Law and Famous Trials
What were the sentences in the Beltway sniper cases?
The October 2002 shootings that left ten people dead and three critically injured in the Washington, D.C., area set off a flurry of legal activity, which was still under way three years later. Two men had been found guilty by juries in separate trials in Virginia in late 2003: John Allen Muhammad (born John Allen Williams [1960–]) was sentenced to death, and accomplice Lee Boyd Malvo (a.k.a. John Lee Malvo [1985–]) received life imprisonment without parole (since he was a minor at the time of the shooting spree, the death penalty could not be applied in his case). In October 2004, under a plea deal in two other Beltway sniper cases, Malvo received other sentences of life imprisonment without parole and eight years on gun charges.
Muhammad and Malvo were arrested on October 24, 2002, in connection with the Beltway sniper attacks. The random shootings, which terrified suburban Washington and gripped the nation, began with a killing in a grocery store parking lot in Wheaton, Maryland, on the evening of October 2; within the next 16 hours there were four more shootings and four more dead. By October 22 there were eight more sniper shootings; three of the victims survived. People were targeted as they went about their daily business: pumping fuel outside gas stations, loading parcels into their cars in parking lots, arriving at school, and crossing streets. Tips led investigators to issue federal warrants for Muhammad’s and Malvo’s arrests on October 23, 2002; they were taken into custody early the following morning at a rest stop in Maryland.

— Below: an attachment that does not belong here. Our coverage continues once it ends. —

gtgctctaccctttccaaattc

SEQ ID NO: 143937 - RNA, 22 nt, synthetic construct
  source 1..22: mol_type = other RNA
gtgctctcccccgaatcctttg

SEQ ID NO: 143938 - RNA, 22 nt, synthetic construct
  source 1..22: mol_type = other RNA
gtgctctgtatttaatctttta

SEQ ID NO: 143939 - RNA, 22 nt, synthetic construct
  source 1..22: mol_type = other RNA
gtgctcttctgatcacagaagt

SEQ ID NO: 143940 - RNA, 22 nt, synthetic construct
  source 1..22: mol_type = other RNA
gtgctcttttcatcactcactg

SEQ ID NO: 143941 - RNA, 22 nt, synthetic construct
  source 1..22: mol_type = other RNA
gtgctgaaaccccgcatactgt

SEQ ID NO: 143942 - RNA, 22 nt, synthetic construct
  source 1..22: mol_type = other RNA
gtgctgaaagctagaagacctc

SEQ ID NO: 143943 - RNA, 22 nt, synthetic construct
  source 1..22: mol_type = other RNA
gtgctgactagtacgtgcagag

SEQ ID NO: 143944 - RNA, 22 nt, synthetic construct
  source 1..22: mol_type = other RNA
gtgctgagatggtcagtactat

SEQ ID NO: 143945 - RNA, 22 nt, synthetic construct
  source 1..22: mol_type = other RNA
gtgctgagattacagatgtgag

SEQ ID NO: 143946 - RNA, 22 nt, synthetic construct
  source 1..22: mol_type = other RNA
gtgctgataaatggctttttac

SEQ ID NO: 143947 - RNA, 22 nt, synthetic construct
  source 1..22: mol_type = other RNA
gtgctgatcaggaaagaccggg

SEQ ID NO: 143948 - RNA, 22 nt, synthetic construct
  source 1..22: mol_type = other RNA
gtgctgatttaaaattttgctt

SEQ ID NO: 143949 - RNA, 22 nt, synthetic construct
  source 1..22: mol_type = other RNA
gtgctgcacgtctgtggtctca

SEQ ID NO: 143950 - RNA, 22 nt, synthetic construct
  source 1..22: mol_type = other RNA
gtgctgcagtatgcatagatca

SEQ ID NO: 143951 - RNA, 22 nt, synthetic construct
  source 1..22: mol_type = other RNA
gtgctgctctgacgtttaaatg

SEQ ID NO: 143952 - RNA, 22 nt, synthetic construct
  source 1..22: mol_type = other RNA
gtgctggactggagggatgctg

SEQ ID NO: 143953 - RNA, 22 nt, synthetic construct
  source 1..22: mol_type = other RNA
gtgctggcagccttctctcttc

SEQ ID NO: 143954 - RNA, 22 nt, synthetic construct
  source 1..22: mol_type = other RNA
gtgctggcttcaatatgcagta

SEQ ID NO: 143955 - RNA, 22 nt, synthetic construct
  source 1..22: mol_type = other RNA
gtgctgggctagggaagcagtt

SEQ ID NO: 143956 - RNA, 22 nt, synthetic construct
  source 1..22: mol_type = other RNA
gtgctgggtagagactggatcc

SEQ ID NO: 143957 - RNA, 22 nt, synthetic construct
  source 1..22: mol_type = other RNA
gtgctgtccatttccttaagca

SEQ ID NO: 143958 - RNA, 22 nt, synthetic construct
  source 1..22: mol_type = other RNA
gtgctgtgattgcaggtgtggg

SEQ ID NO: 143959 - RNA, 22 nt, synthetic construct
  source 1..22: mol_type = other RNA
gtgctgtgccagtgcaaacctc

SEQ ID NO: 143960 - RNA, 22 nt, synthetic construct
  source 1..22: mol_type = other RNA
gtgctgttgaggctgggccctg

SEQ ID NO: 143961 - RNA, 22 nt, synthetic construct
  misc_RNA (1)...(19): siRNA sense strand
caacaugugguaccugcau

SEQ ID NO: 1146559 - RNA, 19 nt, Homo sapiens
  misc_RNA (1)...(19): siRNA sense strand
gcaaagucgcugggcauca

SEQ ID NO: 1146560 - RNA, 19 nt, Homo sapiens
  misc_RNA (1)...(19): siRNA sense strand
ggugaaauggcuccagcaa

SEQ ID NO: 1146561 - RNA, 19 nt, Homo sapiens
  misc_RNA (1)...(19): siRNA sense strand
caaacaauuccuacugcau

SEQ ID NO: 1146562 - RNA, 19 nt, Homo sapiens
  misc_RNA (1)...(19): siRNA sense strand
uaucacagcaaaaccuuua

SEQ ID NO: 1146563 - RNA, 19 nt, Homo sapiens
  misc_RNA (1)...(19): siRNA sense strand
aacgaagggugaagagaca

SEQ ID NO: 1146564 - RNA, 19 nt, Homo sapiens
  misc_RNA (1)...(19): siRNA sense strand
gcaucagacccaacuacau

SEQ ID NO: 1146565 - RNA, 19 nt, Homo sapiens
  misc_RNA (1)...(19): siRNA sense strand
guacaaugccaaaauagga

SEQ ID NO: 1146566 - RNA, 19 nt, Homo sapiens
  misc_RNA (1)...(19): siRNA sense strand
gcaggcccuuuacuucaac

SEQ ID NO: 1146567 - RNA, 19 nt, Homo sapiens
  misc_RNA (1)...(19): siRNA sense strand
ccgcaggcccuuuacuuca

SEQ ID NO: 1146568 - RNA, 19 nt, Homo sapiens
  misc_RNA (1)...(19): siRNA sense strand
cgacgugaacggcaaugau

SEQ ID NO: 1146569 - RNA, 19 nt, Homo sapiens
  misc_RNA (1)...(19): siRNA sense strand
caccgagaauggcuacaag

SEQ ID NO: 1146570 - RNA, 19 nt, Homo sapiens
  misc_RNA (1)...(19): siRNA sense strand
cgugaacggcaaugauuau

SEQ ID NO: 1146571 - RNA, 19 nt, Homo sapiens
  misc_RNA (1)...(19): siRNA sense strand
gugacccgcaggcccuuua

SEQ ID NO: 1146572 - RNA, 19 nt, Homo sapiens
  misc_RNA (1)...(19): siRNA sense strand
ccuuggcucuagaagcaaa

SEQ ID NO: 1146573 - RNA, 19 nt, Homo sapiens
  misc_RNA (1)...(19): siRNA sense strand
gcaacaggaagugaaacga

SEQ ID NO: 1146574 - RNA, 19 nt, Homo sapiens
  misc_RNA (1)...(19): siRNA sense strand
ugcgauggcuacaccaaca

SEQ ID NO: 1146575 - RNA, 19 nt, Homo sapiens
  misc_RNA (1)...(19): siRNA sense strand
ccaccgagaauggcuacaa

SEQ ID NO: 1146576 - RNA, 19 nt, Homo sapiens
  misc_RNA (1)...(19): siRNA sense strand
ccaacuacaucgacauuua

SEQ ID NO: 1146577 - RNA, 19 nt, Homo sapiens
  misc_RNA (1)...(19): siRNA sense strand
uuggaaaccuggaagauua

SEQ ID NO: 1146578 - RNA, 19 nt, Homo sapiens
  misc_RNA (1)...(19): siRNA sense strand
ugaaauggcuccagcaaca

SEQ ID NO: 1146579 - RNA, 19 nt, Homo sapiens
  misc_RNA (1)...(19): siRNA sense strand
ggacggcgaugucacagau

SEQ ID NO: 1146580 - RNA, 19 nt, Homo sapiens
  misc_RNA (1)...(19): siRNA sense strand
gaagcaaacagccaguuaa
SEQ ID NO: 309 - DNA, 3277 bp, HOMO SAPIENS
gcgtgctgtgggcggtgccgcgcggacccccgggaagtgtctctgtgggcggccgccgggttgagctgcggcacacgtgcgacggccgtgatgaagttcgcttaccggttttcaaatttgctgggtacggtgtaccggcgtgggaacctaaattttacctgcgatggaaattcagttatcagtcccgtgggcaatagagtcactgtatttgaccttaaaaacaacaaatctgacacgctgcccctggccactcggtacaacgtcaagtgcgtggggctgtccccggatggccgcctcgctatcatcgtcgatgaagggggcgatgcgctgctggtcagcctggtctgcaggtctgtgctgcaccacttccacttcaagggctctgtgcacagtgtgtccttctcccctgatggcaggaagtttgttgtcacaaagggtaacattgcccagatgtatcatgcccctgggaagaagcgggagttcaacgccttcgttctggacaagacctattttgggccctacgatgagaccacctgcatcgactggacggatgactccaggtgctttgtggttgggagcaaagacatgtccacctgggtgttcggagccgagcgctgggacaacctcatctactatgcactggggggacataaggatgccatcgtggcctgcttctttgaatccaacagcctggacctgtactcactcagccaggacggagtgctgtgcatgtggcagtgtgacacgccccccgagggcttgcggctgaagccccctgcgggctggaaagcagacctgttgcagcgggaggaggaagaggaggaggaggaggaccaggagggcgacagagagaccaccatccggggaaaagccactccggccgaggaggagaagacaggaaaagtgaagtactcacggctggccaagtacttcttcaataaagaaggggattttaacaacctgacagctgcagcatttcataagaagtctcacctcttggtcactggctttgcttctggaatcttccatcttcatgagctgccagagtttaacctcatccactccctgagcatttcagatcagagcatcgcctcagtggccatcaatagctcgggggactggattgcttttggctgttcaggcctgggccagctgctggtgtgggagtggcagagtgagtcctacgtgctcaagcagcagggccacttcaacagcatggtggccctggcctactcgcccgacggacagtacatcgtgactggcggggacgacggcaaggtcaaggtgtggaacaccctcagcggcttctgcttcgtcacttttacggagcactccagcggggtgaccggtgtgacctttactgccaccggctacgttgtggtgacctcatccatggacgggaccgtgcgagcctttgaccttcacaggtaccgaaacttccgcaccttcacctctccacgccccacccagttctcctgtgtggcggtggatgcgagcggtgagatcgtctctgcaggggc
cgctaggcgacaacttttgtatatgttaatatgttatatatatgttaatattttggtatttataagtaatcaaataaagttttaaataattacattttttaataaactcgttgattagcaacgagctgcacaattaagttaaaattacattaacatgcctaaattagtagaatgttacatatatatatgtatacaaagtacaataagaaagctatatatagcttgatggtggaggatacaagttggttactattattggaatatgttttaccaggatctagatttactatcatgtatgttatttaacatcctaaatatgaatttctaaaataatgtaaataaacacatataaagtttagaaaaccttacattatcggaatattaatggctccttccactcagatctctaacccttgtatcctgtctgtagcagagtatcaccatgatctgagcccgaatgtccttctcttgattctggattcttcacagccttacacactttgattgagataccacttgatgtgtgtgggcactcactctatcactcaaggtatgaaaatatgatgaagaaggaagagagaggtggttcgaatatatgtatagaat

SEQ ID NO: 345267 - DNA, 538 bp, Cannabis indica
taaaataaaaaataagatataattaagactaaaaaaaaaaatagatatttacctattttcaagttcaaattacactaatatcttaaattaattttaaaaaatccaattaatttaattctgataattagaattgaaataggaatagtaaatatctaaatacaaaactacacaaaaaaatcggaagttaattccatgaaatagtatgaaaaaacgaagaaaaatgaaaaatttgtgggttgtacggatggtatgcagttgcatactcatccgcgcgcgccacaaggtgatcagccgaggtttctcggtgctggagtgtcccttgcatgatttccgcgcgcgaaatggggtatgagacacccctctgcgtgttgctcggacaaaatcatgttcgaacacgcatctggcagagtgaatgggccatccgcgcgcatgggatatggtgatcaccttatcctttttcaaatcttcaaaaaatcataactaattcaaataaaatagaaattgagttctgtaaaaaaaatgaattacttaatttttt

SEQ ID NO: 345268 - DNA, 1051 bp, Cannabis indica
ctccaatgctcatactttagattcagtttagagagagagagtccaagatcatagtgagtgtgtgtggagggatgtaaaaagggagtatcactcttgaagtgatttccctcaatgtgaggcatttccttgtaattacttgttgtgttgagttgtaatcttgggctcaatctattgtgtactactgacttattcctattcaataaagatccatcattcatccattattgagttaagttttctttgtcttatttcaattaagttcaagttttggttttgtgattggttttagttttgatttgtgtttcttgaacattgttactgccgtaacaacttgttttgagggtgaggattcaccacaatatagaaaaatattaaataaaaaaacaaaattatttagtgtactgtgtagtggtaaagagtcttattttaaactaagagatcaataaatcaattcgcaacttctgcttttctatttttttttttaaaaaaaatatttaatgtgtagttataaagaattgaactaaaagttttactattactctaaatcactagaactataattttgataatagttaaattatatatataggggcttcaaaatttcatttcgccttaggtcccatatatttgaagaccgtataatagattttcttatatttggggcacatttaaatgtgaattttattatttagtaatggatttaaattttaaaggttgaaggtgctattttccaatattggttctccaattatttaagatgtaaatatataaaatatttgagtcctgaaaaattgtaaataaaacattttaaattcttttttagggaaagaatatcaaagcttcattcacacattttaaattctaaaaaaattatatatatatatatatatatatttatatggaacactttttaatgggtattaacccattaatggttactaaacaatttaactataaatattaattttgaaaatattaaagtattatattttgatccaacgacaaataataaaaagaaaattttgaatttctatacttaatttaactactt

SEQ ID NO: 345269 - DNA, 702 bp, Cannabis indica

The two men faced charges in several states as well as the District of Columbia. In addition to Virginia and Maryland, the pair had been tied to crimes in the state of Washington, where their journey had begun, as well as in Louisiana, Alabama, and Georgia. In 2005, with Malvo behind bars for life and Malvo awaiting a death sentence, prosecutors still wanted the two tried in other cases, as insurance against reversals on appeals and as closure for the families of victims. But legal analysts questioned the high price of further trials; defense costs alone for Muhammad and Malvo, who received court-appointed (and publicly paid) defenders, were expected to near $1 million.
The highly publicized sniper shootings added strength to the gun-control lobby. According to federal law, neither Muhammad nor Malvo could buy firearms; the weapon they used in their deadly spree was shoplifted from a Tacoma, Washington, gun store. The store owner and the gun manufacturer were named in a civil suit by the Legal Action Project of the Brady Center to Prevent Gun Violence on behalf of the victims and their families. In 2004 a $2.5 million settlement was reached in the case.